The name Pairbroder is part of the ancient legacy of the Anglo-Saxon
tribes of Britain. Pairbroder was a name used for a person who was referred to as the fair brother.
The surname was originally derived from the relationship between two brothers and referred to the brother of a fair person or the better-looking of a pair of brothers. The surname Pairbroder comes from an ancient Anglo-Saxon
which described a brother-in-law to a famous knight or nobleman. In Scotland
, "father-brother" is a phrase to designate an uncle. CITATION[CLOSE]
Lowe, Mark Anthony, Patronymica Britannica, A Dictionary of Family Names of the United Kingdom. London: John Russel Smith, 1860. Print.
Early Origins of the Pairbroder family
The surname Pairbroder was first found in Yorkshire
where they held a family seat
from early times.
Early History of the Pairbroder family
This web page shows only a small excerpt of our Pairbroder research.Another 219 words (16 lines of text) covering the years 1320, 1524 and 1834 are included under the topic Early Pairbroder History in all our PDF Extended History products and printed products wherever possible.
Pairbroder Spelling Variations
Until the dictionary, an invention of only the last few hundred
years, the English language lacked any comprehensive system of spelling rules. Consequently, spelling variations
in names are frequently found in early Anglo-Saxon
and later Anglo-Norman documents. One person's name was often spelled several different ways over a lifetime. The recorded variations of Pairbroder include Fairbrother, Farbrother, Farebrother, Fairbrodder, Farbrodder and many more.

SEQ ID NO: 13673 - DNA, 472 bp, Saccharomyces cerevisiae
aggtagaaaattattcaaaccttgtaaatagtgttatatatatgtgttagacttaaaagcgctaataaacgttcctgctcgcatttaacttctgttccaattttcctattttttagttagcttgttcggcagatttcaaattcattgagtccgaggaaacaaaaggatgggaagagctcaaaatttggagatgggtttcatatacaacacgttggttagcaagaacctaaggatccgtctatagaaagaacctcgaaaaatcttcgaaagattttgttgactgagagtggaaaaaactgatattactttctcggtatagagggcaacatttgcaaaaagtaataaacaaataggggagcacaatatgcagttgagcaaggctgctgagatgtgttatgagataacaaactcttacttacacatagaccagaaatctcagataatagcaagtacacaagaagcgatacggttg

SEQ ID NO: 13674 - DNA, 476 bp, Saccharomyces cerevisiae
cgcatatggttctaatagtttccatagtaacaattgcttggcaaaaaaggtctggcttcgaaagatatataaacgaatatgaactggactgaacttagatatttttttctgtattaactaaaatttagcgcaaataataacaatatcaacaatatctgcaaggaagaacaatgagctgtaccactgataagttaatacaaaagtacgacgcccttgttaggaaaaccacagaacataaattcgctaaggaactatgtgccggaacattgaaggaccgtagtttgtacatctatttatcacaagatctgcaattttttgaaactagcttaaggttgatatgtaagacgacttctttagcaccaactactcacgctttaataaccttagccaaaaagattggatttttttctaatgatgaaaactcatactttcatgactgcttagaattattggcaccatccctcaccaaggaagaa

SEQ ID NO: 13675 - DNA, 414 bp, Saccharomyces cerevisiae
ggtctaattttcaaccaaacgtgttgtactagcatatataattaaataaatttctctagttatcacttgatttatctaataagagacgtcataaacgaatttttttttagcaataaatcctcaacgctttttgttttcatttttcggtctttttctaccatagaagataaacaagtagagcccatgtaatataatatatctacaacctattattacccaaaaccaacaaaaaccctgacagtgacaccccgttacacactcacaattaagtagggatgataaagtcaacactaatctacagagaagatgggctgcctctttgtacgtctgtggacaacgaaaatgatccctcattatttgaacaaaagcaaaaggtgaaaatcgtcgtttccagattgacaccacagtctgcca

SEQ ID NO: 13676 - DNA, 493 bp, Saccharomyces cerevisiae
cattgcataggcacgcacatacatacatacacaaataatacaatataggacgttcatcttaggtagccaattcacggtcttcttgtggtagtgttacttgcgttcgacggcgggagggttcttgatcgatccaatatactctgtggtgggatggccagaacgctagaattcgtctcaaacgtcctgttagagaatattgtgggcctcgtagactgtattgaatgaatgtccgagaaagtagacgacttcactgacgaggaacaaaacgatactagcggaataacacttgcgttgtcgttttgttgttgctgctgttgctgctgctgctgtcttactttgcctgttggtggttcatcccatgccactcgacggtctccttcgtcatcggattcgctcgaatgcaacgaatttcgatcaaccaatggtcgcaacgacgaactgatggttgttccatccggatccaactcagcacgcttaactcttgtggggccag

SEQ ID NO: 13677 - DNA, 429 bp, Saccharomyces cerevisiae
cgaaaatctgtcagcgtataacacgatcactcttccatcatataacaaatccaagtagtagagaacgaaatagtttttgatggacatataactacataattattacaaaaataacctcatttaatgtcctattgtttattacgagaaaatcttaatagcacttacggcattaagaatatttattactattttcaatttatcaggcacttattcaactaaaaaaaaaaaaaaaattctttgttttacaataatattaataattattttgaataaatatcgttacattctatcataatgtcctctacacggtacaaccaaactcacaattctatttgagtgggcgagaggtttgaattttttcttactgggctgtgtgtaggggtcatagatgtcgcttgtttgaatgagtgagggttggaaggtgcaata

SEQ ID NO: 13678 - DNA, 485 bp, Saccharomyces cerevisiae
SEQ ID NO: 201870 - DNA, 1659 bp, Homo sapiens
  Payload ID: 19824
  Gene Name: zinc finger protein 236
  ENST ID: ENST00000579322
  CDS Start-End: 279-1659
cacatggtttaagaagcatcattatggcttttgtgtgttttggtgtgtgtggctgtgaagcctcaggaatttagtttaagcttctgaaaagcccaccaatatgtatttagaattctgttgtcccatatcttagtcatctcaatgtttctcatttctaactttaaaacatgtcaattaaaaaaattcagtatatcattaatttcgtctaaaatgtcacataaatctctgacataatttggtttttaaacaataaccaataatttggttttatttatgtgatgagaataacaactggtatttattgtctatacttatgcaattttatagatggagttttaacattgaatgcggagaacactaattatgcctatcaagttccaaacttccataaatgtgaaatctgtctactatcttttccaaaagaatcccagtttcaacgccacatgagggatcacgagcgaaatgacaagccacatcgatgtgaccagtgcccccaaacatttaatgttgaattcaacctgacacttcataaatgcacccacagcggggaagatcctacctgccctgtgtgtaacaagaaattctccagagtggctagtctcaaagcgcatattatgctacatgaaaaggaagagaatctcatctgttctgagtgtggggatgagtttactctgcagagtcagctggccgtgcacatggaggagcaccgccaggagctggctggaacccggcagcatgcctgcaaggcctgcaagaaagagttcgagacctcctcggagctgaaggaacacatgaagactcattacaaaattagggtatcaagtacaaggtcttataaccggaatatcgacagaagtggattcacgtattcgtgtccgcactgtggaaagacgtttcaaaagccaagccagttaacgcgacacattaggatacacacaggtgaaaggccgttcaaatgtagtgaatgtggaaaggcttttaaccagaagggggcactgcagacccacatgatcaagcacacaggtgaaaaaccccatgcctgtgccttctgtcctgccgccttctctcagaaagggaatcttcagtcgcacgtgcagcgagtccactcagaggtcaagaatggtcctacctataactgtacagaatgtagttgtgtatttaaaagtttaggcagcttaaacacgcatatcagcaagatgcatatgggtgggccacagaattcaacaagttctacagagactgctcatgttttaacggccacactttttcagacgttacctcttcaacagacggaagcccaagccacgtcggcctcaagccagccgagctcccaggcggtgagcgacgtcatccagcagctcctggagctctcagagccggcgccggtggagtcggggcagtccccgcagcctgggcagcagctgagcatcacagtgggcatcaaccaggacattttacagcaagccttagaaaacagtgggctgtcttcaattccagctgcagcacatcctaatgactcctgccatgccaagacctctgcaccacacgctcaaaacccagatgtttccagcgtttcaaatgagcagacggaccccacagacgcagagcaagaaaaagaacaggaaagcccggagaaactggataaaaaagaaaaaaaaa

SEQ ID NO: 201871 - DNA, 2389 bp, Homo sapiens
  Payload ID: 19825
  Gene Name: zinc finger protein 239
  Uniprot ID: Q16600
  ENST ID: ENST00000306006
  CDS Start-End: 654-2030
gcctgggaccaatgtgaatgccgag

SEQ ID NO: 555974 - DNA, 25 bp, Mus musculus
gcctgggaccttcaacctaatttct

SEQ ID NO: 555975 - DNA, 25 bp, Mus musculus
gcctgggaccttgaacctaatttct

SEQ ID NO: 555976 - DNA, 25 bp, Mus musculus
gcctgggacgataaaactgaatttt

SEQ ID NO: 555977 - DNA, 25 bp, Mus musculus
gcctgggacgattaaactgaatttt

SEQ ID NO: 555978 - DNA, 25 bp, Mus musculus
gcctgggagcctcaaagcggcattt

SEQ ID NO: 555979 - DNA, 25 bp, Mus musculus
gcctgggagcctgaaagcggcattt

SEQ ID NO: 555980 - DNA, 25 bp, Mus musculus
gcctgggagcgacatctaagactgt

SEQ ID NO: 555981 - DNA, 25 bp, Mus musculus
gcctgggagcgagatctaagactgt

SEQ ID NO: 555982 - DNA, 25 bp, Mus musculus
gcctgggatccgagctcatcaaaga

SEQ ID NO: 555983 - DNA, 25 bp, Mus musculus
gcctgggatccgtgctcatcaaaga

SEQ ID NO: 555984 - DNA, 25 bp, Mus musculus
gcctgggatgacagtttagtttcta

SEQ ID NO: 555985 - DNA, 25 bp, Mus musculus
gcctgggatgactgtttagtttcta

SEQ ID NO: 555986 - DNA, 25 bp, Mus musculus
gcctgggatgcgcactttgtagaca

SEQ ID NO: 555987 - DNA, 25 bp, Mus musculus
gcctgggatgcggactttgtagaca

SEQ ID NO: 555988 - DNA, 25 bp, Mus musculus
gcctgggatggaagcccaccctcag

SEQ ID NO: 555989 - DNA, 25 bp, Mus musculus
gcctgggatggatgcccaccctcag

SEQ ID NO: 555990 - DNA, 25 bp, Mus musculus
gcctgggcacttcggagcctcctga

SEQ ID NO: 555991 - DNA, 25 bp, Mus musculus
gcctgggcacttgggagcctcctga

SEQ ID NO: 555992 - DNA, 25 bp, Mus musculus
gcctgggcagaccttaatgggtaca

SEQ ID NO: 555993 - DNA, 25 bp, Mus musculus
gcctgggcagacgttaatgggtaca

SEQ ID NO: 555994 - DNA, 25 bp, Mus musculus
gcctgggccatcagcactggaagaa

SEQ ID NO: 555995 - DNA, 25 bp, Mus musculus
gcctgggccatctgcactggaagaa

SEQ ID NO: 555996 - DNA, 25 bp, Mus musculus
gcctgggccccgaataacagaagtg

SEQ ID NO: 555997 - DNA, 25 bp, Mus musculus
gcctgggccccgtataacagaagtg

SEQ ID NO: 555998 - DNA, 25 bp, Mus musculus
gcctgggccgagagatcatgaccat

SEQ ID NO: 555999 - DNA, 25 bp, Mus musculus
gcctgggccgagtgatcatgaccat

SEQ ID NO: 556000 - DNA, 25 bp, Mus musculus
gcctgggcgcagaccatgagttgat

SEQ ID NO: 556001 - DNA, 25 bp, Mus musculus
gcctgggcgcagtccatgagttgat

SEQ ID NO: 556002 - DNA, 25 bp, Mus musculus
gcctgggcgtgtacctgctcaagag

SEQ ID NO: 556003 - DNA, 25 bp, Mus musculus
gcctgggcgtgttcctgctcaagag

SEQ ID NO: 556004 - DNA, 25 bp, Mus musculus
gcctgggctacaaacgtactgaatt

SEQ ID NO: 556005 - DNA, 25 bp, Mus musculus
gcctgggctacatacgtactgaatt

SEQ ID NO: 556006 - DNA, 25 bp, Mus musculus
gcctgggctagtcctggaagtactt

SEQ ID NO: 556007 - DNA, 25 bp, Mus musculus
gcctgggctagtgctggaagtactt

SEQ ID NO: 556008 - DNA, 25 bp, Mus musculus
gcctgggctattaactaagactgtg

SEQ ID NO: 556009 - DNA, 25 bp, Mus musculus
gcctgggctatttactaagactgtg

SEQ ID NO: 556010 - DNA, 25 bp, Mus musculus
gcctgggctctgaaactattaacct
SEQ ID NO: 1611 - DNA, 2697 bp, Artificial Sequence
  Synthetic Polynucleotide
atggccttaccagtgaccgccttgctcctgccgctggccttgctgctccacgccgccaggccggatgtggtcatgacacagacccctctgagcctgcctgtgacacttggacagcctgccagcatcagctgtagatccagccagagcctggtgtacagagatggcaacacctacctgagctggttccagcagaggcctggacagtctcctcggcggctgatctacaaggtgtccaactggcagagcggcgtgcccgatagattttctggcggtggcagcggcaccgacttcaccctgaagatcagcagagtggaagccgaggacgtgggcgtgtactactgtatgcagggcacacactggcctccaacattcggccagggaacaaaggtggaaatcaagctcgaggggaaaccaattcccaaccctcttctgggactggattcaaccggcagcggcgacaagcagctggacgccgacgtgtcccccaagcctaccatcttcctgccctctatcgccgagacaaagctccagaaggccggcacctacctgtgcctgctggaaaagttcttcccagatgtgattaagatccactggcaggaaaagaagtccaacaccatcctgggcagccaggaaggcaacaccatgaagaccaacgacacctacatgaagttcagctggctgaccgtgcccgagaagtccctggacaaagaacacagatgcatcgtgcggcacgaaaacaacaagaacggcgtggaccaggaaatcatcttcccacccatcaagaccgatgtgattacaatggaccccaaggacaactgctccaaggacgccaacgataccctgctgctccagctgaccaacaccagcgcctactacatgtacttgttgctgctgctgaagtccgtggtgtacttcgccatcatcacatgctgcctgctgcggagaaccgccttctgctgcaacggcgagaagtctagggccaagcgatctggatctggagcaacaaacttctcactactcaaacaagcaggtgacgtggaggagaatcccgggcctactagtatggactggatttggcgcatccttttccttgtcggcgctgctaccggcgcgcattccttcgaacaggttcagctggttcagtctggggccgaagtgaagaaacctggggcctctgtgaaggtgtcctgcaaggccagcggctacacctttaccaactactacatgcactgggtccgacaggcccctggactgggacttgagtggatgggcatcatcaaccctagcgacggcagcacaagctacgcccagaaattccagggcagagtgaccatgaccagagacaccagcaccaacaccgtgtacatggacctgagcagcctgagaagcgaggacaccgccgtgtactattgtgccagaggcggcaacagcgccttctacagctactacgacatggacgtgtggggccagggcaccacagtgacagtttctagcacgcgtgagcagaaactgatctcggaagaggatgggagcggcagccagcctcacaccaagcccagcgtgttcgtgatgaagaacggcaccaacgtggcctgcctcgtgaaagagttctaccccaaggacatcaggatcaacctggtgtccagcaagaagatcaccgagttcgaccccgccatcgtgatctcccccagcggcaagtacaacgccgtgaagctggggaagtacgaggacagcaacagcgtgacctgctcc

Early Notables of the Pairbroder family (pre 1700)
More information is included under the topic Early Pairbroder Notables in all our PDF Extended History products
and printed products wherever possible.
Migration of the Pairbroder family to the New World and Oceana
Thousands of English families boarded ships sailing to the New World in the hope of escaping the unrest found in England
at this time. Although the search for opportunity and freedom from persecution abroad took the lives of many because of the cramped conditions and unsanitary nature of the vessels, the opportunity perceived in the growing colonies of North America beckoned. Many of the settlers who survived the journey went on to make important contributions to the transplanted cultures of their adopted countries. The Pairbroder were among these contributors, for they have been located in early North American records: Susannah Farebrother, who arrived in Boston in 1635; Nath. Fairbrother, who settled in Virginia in 1638; Betsey Fairbrother, who settled in Baltimore in 1830.